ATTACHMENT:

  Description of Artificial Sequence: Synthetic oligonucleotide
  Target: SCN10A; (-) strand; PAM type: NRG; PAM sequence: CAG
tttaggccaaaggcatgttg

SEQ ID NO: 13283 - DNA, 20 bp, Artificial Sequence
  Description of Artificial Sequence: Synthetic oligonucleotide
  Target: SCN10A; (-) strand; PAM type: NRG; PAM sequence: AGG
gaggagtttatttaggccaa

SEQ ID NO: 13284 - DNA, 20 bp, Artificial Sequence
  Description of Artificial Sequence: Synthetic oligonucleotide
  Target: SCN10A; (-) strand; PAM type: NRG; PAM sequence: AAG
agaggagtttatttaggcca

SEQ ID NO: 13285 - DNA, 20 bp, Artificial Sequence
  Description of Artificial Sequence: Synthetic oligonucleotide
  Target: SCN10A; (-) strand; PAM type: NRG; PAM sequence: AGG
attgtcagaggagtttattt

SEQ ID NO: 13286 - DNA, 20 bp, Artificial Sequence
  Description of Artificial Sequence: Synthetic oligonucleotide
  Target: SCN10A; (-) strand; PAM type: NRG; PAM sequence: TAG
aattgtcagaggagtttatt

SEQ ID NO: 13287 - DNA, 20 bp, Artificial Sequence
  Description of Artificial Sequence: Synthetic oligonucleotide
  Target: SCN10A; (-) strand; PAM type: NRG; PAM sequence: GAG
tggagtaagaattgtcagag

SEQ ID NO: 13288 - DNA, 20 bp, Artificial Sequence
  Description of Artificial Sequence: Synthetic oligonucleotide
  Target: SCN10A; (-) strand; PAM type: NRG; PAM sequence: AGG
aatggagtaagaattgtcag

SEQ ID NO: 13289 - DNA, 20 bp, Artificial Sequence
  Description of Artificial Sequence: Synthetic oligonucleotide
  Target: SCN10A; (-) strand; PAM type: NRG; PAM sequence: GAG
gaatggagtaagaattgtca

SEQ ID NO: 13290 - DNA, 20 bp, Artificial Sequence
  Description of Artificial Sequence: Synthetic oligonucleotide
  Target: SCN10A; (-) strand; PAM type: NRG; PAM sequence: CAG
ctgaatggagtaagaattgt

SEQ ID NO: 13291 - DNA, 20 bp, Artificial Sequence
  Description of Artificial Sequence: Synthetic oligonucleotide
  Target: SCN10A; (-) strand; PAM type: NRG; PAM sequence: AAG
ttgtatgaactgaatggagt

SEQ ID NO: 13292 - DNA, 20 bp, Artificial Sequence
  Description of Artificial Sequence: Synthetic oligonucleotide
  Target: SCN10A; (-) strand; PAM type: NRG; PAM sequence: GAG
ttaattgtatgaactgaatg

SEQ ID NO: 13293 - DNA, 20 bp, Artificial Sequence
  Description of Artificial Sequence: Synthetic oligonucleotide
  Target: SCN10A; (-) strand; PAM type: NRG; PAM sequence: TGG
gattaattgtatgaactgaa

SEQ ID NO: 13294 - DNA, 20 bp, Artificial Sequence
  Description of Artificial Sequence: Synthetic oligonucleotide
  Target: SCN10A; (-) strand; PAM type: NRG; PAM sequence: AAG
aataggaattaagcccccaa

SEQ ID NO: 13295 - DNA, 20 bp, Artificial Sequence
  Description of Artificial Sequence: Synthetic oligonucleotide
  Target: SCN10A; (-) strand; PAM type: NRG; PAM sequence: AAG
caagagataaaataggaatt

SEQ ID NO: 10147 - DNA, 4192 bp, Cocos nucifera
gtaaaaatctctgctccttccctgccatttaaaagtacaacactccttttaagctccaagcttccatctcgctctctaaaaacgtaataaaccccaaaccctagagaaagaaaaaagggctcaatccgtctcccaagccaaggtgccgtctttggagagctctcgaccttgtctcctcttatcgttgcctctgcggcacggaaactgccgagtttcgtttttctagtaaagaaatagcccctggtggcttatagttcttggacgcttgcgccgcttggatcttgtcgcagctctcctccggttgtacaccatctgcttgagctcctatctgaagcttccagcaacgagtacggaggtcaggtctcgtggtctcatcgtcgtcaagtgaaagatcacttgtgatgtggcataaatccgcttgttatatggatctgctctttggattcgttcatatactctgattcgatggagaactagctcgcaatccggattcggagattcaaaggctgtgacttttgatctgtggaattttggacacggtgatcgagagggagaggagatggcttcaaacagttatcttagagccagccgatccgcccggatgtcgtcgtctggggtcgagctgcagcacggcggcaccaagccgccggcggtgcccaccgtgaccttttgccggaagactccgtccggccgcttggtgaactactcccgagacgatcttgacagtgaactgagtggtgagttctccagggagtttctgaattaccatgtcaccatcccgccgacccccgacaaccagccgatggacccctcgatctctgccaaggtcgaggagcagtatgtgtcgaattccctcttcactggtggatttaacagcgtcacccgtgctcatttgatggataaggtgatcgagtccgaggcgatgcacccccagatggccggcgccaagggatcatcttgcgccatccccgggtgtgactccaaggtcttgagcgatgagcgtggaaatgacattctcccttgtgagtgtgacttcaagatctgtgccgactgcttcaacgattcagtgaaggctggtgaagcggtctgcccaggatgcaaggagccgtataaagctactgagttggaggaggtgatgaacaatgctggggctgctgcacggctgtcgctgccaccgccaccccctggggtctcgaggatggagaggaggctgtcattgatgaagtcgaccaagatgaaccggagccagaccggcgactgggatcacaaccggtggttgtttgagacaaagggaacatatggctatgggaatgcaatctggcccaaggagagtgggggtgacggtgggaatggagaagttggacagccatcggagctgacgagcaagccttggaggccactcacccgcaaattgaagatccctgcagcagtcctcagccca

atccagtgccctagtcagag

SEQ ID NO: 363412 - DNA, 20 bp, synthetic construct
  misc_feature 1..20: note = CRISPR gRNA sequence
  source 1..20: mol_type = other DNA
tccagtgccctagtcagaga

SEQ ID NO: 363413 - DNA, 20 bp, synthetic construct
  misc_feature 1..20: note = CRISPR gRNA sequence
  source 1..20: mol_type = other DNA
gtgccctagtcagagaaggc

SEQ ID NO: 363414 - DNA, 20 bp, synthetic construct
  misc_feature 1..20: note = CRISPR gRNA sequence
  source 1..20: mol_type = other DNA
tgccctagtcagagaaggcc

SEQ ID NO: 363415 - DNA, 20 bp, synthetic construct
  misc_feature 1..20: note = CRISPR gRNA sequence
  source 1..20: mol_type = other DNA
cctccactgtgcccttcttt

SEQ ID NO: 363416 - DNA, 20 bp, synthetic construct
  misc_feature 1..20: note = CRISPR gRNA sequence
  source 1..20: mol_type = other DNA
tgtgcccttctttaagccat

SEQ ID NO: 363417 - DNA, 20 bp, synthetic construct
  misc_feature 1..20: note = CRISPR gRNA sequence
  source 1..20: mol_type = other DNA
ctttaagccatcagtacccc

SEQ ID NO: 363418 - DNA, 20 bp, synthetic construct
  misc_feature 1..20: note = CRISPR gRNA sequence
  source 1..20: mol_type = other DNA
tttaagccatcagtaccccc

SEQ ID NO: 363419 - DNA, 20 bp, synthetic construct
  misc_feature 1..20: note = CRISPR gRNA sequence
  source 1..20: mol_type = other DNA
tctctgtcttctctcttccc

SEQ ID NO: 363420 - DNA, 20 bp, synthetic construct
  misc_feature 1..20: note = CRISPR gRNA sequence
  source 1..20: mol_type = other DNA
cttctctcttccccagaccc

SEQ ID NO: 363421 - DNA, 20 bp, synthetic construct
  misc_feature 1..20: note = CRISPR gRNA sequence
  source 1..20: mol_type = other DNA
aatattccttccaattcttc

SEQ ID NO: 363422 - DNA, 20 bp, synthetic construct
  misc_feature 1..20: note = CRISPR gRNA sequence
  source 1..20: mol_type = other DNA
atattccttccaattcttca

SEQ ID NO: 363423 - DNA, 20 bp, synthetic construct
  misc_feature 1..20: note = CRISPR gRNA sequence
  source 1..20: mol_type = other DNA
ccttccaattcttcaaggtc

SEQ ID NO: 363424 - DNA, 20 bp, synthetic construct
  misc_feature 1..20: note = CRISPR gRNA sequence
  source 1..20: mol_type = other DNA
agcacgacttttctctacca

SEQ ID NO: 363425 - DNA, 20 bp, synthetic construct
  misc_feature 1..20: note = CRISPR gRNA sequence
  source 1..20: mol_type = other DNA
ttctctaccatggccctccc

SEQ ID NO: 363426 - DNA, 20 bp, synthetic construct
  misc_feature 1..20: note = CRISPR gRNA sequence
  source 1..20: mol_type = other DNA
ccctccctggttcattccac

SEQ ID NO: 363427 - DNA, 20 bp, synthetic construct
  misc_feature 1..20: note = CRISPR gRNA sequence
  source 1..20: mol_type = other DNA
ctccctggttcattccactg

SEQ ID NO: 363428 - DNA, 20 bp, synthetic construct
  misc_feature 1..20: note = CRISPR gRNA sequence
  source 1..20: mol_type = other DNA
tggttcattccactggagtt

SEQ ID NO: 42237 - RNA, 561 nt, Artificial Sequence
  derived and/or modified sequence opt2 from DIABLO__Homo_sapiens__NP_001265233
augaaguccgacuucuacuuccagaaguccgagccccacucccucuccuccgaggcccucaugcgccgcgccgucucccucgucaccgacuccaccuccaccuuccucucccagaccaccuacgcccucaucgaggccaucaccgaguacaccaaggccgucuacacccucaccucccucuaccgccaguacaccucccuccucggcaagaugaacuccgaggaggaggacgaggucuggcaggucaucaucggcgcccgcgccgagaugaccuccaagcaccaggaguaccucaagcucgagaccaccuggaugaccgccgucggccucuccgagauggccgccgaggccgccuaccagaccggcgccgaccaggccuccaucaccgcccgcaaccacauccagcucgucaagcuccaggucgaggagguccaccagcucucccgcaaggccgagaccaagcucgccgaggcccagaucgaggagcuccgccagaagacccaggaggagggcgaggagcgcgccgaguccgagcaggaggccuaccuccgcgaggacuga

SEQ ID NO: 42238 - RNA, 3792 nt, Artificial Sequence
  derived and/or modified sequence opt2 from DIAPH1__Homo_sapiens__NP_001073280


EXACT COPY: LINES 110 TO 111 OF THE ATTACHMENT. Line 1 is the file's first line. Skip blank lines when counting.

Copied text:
agcacgacttttctctacca

SEQ ID NO: 363425 - DNA, 20 bp, synthetic construct